I often remark how television is where the best storytelling is happening these days, both in one-hour dramas and half-hour comedies. So, after a few seasons of staring longingly through the fence, I’ve decided to get back into that game.
Josh Friedman and I just set up a new show called Chosen, produced by 20th Television for ABC. It’s a one-hour drama. I’ll write the pilot, and if the show goes to series, Josh will run it.
We’re keeping the logline under wraps, but it centers around a family facing unusual circumstances.
In addition to his awesome-but-nigh-abandoned blog, Josh created and ran The Sarah Connor Chronicles, which I loved dearly. I only wanted to do a show this season if I had a partner who could write it and run it extraordinarily well. That’s Josh.
Between this and the Chicago opening of Big Fish, it’s going to be a busy six months, but I’m excited for all the new challenges.
Standard before-you-get-too-excited disclaimers:
- Most scripts never go to pilot.
- Most pilots never go to series.
- Most series don’t last.
So while I’m extremely enthusiastic about this show’s chances, I’m not plotting a fifth season just yet.
What I love about TV is that development means taking chances. They’re gambling on me and Josh and dozens of other writers. They’re not sure which shows are going to work, so they’re making more than they need. It’s not that money is limitless, but they need shows to fill their networks, and it’s worth it to spend money now to find the best ones.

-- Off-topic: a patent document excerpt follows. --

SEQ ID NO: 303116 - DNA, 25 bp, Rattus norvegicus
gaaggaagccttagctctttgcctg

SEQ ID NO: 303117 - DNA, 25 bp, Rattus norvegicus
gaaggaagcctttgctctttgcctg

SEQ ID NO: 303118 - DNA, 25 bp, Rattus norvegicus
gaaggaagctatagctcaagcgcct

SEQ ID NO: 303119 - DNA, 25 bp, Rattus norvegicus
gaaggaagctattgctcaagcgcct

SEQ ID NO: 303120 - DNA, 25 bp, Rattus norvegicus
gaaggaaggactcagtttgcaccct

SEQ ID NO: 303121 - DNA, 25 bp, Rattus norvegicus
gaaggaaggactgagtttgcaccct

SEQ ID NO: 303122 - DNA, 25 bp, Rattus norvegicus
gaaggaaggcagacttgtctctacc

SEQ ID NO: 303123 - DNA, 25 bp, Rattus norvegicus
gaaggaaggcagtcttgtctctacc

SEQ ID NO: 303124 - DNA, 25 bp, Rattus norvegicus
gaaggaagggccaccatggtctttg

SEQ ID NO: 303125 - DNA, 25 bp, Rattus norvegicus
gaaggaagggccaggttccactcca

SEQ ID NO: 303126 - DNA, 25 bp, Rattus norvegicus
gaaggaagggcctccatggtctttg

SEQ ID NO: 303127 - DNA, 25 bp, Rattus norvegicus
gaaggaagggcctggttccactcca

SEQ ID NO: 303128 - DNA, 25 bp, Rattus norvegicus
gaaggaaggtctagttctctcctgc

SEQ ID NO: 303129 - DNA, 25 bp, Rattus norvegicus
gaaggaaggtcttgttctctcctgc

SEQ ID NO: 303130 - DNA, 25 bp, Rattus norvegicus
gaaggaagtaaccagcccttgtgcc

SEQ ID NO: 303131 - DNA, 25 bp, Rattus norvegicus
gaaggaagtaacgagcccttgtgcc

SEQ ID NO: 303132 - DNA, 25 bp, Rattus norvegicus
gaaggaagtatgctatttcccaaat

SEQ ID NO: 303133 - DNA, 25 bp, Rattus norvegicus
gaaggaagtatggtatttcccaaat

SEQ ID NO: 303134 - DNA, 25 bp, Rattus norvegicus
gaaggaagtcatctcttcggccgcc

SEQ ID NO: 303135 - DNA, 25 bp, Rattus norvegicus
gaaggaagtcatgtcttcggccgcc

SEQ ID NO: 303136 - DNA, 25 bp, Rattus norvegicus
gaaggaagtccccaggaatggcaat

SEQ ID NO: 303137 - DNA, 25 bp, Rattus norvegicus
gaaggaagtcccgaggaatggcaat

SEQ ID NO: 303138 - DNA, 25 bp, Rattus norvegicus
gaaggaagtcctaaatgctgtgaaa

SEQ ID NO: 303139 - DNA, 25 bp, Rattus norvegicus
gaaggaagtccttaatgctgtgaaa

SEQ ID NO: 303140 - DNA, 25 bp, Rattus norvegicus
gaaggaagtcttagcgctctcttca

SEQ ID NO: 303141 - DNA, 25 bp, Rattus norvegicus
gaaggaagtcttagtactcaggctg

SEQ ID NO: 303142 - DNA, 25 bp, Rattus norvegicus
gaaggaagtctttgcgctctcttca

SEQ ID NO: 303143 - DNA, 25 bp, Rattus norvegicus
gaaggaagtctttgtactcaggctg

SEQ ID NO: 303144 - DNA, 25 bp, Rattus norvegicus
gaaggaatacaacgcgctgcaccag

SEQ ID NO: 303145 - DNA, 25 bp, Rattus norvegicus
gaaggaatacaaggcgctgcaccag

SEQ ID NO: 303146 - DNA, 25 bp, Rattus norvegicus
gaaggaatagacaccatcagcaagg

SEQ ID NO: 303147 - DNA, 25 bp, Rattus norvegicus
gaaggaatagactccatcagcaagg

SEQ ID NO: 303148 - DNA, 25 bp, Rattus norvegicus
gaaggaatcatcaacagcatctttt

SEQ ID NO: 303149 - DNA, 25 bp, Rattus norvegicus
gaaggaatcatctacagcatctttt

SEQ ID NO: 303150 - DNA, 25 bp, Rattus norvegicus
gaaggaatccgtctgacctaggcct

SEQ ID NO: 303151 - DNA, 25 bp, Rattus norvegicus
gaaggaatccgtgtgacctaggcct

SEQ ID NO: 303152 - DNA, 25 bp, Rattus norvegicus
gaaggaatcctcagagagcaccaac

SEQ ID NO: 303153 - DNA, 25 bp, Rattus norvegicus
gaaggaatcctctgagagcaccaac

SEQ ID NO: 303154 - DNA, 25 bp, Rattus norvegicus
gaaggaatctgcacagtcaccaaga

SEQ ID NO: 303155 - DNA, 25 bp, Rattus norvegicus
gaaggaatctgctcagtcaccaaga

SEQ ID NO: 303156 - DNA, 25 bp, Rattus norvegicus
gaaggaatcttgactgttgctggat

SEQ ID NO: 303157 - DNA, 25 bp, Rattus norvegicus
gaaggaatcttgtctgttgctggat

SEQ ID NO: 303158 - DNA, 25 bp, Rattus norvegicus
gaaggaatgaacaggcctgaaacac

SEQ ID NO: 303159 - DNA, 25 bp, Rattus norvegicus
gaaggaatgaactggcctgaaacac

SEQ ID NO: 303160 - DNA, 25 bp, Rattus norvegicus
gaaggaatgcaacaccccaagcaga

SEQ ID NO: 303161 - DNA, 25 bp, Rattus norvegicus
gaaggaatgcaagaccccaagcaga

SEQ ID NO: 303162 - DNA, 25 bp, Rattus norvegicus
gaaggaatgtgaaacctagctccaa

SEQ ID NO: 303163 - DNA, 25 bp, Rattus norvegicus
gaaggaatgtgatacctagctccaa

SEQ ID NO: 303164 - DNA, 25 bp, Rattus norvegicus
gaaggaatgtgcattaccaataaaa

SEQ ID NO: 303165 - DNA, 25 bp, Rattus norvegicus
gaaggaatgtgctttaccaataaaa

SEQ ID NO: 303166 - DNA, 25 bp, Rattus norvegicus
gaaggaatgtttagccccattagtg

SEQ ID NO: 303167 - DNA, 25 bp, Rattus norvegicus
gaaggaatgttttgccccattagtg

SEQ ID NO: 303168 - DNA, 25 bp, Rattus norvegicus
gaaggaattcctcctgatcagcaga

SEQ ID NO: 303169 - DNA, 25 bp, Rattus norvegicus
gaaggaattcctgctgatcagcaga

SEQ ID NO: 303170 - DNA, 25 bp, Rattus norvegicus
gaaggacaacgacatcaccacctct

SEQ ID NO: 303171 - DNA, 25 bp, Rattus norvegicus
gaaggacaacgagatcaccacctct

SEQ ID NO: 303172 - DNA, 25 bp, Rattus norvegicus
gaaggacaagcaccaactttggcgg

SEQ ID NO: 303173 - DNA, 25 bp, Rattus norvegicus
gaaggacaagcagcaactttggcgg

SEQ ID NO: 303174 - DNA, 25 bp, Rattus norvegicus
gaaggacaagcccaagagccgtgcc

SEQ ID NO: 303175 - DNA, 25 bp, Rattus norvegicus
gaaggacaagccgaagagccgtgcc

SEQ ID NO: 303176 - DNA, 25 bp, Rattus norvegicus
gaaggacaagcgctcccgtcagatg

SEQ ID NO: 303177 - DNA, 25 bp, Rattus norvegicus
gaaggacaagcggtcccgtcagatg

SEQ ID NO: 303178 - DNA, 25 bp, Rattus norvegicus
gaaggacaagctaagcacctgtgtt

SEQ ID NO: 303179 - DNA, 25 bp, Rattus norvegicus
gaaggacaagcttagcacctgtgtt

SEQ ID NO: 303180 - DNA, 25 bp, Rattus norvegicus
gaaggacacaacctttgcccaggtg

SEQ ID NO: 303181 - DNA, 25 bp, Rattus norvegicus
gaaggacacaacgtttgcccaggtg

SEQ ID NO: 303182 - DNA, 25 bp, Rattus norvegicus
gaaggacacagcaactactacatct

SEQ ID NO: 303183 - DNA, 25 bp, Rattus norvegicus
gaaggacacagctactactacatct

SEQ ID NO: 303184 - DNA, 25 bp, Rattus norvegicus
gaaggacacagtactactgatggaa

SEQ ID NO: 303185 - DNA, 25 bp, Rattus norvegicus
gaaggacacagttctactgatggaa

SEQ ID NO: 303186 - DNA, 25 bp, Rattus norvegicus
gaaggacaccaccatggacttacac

It’s the opposite of movies these days, where development is about justifying how little money studios can spend, and how few movies they can make.
TV networks would also like to “only make the hits.” But they’re smart enough to realize that they won’t necessarily know the hits until they have them.
Keep in mind, this is development for the 2013-14 season. That seems impossibly far away, but that’s how TV works. The new fall shows debuting this week began their life a year ago. You’re watching the ones that made the cut. Maybe we’ll be among the next batch. Either way, I’m excited to get started.